Thursday, August 22, 2013

Crossing Genres: Poetry, Fiction, and Non-fiction

Well, I'm in the process of putting my toe into three pools. Some people say this is a bad idea, while others have done it quite successfully and encourage such an adventure.

Honestly, I really don't care what "they" say. I'm doing it. That's final. It's done.

I'm particularly inspired by the non-fiction work of several of my favorite "children's" authors - C.S. Lewis and Madeleine L'Engle. Both these individuals were people of faith and their spirituality profoundly influenced their writing - not just their fiction, but also their non-fiction.

I'm finding that to be the case for me as well.

It is good to write fiction. It is good to write good fiction. But how can I sit back and not put my two cents in on issues that matter to me in a non-fiction way? Yes, my blogs can do that for me to some extent. Perhaps they will at some point develop into some kind of book or series themselves (stranger things have happened). But a blog is a different kind of thing. The writing I'm talking about has a very different purpose, and certainly one devoid of the diary or even essay form that is so popular in the blogosphere.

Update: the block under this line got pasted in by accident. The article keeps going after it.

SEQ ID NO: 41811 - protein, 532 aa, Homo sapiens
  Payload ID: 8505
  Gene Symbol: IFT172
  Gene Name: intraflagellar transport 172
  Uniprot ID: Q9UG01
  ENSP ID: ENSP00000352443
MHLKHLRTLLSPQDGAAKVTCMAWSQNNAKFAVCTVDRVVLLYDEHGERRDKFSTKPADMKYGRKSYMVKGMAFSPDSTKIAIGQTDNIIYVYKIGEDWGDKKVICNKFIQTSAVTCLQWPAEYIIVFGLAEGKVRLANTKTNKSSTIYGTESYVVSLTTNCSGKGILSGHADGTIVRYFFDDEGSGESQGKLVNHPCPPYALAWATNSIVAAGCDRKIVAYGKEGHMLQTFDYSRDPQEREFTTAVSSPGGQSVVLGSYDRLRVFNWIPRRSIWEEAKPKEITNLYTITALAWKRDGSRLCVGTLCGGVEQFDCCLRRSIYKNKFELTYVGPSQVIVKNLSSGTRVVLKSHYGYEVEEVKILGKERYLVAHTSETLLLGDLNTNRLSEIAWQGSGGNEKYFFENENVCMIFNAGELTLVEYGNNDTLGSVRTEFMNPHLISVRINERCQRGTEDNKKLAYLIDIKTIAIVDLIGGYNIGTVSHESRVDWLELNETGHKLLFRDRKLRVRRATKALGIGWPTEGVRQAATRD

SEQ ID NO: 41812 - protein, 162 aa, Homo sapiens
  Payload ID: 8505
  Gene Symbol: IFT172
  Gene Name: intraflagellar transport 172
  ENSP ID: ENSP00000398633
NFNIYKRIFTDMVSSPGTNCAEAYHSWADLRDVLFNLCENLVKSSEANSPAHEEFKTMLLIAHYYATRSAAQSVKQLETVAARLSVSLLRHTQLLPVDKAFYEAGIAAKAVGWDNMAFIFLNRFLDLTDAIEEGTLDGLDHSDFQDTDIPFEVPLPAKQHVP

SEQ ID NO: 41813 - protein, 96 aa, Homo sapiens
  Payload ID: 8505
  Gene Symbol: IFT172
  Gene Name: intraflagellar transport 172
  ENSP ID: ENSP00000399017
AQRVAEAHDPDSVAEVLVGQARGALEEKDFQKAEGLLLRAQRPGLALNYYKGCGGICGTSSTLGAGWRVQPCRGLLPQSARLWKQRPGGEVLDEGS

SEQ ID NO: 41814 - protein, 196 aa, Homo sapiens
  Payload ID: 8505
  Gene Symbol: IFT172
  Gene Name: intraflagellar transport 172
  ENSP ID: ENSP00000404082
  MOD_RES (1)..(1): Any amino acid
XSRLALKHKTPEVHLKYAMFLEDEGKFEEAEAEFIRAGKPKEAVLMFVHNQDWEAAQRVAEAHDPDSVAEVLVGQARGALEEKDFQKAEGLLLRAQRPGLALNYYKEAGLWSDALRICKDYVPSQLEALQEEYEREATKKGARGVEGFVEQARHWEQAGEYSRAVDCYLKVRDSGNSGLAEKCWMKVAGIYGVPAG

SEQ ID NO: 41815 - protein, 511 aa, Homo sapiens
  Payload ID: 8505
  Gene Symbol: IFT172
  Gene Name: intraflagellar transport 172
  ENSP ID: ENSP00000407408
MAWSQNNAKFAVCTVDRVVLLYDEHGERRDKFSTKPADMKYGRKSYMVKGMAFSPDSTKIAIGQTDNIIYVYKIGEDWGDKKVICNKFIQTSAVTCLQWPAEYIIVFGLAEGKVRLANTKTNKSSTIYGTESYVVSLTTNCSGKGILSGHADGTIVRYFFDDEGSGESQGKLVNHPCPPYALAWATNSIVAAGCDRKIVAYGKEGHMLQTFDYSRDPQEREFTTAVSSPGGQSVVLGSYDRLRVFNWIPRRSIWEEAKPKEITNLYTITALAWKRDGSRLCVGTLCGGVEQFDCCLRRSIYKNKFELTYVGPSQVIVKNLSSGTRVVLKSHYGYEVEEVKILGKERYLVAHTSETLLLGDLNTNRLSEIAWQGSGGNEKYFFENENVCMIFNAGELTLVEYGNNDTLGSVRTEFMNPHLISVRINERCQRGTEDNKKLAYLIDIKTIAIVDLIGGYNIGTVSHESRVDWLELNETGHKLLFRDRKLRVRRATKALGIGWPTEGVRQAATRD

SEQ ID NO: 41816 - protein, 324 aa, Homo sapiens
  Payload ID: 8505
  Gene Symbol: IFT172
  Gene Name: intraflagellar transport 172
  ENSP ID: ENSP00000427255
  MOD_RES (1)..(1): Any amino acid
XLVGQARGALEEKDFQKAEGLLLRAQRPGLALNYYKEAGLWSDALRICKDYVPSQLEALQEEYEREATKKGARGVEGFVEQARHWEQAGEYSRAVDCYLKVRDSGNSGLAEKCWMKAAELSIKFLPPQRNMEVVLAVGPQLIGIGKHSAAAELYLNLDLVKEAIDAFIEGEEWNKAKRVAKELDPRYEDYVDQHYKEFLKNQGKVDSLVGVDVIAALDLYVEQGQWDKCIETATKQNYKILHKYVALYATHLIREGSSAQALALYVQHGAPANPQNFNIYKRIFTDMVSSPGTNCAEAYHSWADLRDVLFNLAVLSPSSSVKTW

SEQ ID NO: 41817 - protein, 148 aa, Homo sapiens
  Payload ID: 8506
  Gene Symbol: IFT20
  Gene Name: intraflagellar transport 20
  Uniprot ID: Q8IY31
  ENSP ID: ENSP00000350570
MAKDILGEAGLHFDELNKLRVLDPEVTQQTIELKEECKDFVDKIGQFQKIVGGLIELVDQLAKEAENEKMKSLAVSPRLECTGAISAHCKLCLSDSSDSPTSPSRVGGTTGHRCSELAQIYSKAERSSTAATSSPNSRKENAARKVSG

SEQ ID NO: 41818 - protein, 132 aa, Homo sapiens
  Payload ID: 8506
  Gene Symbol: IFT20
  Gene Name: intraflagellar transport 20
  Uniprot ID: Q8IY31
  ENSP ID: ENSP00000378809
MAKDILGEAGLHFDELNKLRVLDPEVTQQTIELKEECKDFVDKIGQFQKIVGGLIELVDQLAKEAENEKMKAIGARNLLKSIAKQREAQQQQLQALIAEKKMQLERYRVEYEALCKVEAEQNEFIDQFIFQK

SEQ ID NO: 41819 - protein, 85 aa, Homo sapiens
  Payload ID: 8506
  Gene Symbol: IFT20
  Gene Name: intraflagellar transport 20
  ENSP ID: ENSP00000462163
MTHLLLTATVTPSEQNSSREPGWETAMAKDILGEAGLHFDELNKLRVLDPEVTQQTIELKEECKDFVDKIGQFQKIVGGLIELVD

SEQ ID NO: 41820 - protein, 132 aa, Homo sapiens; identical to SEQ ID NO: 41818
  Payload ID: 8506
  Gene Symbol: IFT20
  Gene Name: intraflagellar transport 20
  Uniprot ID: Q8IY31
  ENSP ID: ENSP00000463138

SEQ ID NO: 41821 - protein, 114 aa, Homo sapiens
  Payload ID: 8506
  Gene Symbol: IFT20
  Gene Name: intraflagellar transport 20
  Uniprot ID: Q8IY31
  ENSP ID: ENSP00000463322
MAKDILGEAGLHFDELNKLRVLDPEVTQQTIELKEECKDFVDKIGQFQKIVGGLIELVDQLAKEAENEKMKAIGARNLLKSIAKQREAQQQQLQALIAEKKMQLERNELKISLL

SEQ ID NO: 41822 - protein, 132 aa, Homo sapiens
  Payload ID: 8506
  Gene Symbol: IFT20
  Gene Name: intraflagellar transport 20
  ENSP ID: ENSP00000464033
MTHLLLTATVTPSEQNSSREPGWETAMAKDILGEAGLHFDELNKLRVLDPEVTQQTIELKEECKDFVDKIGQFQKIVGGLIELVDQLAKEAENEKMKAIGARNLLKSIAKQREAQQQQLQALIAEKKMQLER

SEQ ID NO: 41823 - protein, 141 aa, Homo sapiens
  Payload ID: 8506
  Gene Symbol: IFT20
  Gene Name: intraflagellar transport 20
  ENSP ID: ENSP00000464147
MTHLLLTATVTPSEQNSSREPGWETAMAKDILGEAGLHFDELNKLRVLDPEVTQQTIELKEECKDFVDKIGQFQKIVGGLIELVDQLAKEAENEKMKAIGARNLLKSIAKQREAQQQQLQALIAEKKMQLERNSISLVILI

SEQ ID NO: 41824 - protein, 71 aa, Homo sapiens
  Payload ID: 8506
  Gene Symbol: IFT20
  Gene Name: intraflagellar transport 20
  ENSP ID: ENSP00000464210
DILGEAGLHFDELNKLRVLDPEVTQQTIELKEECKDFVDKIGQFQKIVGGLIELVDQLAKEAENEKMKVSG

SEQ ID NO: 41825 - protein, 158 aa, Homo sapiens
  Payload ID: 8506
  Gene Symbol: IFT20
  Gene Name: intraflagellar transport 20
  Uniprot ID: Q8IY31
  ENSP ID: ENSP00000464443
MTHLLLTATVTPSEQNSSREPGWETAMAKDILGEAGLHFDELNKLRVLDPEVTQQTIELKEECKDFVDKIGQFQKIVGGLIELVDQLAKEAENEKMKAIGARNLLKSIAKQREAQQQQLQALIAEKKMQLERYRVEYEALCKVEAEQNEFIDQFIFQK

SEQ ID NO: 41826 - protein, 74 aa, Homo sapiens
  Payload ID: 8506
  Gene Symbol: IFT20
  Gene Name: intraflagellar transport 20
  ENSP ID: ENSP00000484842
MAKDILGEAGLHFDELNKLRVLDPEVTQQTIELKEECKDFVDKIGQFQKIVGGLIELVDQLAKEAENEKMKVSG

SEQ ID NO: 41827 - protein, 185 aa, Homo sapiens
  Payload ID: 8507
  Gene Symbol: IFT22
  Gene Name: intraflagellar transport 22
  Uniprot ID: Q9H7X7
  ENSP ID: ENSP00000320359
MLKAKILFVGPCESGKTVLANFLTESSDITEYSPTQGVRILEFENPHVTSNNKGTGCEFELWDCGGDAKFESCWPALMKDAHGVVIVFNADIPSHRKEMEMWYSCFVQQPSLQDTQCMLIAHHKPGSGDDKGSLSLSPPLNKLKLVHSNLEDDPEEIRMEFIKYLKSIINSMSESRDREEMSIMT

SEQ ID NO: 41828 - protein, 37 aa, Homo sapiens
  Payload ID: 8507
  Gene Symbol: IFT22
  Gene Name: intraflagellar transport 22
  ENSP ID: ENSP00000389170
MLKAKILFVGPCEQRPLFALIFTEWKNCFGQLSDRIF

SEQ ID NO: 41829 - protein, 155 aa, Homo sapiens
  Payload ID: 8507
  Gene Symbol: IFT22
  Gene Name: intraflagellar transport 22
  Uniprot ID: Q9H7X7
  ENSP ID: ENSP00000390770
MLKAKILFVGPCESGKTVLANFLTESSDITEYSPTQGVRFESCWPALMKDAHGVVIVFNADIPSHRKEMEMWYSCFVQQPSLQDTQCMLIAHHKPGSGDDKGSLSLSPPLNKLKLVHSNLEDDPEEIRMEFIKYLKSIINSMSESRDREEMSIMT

It's for this reason I published my poetry collection. It's for this reason I am in the process of revising my world religion curriculum. Do they speak to the same audience? Maybe there is some overlap. I'm not sure. But I'm acutely aware that most of the readers of these three areas will likely not overlap. I'm comfortable with the idea that different people will need to be reached for these very different creations.

And that's okay.

I doubt Lewis or L'Engle thought their non-fiction pieces would be avidly devoured by the same readers of their most famous children's series. If they did, I think we would have labelled both of them "delusional." Were (are) their non-fiction pieces read as widely as their fiction? I doubt it. Does it make their contribution to spiritual discourse less valuable? Certainly not.

I don't write for fame. I write because my soul burns. There is too much to hold inside - it must find voice. It must find expression. I must call out into the dark, loud and clear. I would love more than an echo of response or a hollow nothingness. I would love to have a sea of voices saying "yes" to my words. But whether I hear them or someone else hears them a long time from now doesn't matter. I cannot know what my words do. All I know is I must speak them - I must write them. From then on, their lives are their own.

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